Wow, this title reminds me of papers you had to write in the school, except that here I get to choose the subject.
We are currently waiting for the crew change helicopter to arrive, so we can start our journey towards home. So I started rethinking the building of the sea chest, what was a success, and what wasn't, which tools did I miss the most etc.
I really missed a marking gauge, I think it would have enabled me to make tighter dovetails. I used an ordinary pencil, and it worked, but it is easier to achieve a consistent look through using a proper marking gauge.
Some real sandpaper would have been nice, and perhaps to a finer grade than 120.
I kind of missed a mallet, but I got by using an ordinary hammer or a rubber hammer. So it didn't stop the project.
A scrub plane or a cambered blade for the Stanley No 3 would have made the stock preparation faster.
Both the mallet and the marking gauge could have been manufactured onboard, but I wanted to finish the chest instead of straying from the path and making various side projects.
I actually tried to make a plow plane that used the 1/4" chisel as a blade. That was not a success. I tried to make it in about 1 hour, and not surprisingly it did not work very well. The reason for the plow plane was due to my original plan of making a panel lid with mitered bridle joints at the corners.
I have become way better than I ever imagined at preparing stock by hand, and I have learned how to use a planing stop and just letting the board rest freely on the table. This is something I would never have dared to tackle at home, but I didn't have the option out here.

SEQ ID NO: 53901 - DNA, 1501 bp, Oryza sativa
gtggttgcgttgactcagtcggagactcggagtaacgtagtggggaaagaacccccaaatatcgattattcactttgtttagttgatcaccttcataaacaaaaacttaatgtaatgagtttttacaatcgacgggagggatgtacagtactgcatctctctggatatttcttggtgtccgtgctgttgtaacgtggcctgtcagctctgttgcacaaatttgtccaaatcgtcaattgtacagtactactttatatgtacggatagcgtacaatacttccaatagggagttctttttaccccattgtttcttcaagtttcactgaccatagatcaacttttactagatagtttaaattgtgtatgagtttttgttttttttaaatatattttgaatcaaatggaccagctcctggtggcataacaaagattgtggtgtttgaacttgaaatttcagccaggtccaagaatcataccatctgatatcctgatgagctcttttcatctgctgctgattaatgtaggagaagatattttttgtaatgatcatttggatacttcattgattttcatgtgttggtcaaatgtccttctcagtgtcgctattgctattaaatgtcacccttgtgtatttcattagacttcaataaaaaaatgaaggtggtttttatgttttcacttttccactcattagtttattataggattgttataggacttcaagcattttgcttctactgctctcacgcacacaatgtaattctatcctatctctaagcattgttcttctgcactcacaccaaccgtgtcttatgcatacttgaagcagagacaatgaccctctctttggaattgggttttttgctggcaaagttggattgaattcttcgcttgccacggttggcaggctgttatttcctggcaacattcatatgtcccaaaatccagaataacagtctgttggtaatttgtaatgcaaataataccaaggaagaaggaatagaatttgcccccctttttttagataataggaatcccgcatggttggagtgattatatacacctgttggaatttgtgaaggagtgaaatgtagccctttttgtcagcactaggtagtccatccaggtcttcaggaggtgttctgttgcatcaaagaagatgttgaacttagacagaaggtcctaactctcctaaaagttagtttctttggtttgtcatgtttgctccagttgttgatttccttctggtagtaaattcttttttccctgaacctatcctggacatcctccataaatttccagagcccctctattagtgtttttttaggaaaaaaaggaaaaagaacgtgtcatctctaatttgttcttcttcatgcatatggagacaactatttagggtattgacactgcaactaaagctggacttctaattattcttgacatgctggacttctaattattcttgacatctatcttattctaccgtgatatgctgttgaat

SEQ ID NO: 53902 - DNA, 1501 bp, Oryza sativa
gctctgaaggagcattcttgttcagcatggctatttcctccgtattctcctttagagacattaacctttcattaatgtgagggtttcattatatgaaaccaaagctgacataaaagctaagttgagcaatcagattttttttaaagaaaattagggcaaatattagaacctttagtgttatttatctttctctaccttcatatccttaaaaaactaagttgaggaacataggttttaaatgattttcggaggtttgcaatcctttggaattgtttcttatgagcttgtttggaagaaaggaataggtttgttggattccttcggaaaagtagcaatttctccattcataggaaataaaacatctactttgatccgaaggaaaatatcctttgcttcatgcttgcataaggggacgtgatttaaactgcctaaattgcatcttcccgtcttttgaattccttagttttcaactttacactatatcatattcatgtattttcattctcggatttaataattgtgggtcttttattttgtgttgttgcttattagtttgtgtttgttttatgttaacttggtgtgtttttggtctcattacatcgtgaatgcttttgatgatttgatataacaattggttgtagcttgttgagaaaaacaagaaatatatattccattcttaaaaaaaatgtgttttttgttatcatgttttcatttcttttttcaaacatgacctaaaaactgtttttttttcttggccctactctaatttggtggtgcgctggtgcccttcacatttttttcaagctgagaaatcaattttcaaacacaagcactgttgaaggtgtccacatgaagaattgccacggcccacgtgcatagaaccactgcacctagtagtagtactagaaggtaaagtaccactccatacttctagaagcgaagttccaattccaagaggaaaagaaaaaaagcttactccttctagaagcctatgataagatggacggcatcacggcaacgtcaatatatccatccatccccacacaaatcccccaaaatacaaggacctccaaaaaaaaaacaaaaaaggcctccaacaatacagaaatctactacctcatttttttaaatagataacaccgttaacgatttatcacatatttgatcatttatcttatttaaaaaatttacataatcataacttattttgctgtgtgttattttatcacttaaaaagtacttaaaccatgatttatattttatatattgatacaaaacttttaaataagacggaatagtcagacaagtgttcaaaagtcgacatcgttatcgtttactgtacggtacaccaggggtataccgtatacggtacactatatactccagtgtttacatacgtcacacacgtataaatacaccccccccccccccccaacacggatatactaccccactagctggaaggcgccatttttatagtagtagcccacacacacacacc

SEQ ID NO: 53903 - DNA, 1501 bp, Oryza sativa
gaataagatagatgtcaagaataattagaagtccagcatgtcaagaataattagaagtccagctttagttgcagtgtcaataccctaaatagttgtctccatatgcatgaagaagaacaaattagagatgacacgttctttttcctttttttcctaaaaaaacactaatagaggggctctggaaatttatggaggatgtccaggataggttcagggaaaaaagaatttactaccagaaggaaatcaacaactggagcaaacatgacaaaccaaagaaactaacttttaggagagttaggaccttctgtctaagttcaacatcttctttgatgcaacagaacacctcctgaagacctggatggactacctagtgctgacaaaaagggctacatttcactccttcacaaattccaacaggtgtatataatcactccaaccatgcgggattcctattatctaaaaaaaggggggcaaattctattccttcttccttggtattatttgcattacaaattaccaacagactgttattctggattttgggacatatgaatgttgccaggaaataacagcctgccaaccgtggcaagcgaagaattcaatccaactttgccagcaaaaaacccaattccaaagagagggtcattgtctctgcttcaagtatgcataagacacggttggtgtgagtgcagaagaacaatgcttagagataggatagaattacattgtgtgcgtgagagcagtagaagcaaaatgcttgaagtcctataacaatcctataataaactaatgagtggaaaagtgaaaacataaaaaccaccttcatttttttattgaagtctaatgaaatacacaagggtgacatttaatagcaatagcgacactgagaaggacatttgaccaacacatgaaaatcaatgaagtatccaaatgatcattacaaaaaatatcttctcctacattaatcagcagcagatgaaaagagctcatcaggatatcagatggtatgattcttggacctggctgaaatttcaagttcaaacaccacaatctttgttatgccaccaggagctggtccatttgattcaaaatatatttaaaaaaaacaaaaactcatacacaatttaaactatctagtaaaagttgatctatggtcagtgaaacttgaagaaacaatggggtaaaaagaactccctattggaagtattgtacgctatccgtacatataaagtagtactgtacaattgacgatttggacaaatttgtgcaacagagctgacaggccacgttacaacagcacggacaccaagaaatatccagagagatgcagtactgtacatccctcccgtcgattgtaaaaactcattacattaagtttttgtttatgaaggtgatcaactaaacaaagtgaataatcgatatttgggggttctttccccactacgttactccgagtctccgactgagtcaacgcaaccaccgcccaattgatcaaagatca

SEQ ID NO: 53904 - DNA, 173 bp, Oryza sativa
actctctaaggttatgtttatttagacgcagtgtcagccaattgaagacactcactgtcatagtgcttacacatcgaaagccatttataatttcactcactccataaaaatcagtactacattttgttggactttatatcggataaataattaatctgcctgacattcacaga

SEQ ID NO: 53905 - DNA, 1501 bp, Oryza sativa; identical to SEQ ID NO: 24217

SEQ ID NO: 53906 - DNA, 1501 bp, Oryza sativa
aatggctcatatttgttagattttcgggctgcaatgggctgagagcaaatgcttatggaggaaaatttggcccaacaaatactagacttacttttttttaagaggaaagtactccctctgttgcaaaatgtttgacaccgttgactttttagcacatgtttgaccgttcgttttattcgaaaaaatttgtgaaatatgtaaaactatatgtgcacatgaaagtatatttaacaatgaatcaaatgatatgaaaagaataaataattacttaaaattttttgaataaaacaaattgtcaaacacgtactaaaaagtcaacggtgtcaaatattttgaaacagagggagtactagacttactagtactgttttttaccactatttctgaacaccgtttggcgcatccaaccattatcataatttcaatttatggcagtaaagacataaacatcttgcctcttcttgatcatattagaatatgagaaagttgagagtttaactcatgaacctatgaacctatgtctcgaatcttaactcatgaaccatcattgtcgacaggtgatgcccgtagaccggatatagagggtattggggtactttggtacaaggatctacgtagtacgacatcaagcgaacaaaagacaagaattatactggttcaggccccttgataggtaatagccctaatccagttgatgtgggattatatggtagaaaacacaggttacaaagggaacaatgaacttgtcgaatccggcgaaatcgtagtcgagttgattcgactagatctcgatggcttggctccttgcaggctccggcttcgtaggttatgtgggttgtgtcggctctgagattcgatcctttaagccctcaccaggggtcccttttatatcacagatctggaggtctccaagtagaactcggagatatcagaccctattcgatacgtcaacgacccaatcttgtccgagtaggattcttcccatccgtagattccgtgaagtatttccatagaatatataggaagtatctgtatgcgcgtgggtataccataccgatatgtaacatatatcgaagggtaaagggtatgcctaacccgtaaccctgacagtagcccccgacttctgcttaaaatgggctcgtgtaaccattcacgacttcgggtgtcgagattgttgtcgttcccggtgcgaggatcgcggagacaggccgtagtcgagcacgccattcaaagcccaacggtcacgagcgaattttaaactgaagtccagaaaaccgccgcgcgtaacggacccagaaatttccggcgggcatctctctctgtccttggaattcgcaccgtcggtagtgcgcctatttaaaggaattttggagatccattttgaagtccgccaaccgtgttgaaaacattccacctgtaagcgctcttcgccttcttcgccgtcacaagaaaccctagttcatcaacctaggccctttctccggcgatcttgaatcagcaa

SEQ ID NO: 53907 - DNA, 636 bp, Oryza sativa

The grain orientation on the stock varied from nice, straight and easily planeable to unruly, twisted, interlocking, multiple directional and generally difficult granin. I discovered that traversing produced a slightly fuzzy, but flat surface without too much tearout. this is where som more sandpaper would have been really handy.
Gluing up the oily woods always needed 24 hours in the clamps. And I think that my glue problems were more traceable to the wood than to the glue afterall. Some hide glue would probably have helped.
A fresh hacksaw blade can be used as a pull saw, for fine cuts, or it can be used mounted in the hacksaw as a normal dovetail saw. The kerf will be wider than on a normal saw, but this is mostly notable in the corners of the dovetails, where you need to clean a little more with a chisel.
One of the advantages of a hack saw is that you can get blades with a different toothing, and it is very quick work to change the blade. I think the blades I used were 18 TPI, but 24 TPI is also normal.
If I am going to teach my children to saw dovetails, I will let them use a hacksaw, because it is not destroyed if they twist it in the kerf, as could be the case with a real dovetail saw with a fine blade.
Making things with canted sides is not difficult, you just need to trim the edges afterwards, due to the inevitable height difference there will be du the the different angles. And it makes it at lot easier to fit the shirt, since you can assemble the skirt off the chest and slide it on once it is dry. And a side benefit is that the further down you press it, the tighter the fit will be.
The angles of the sides are 8 degrees, and I didn't have any problems concerning getting the clamps to hold at this angle. I didn't make any wedges to straighten up the pressure, but just used a normal offcut under the jaws.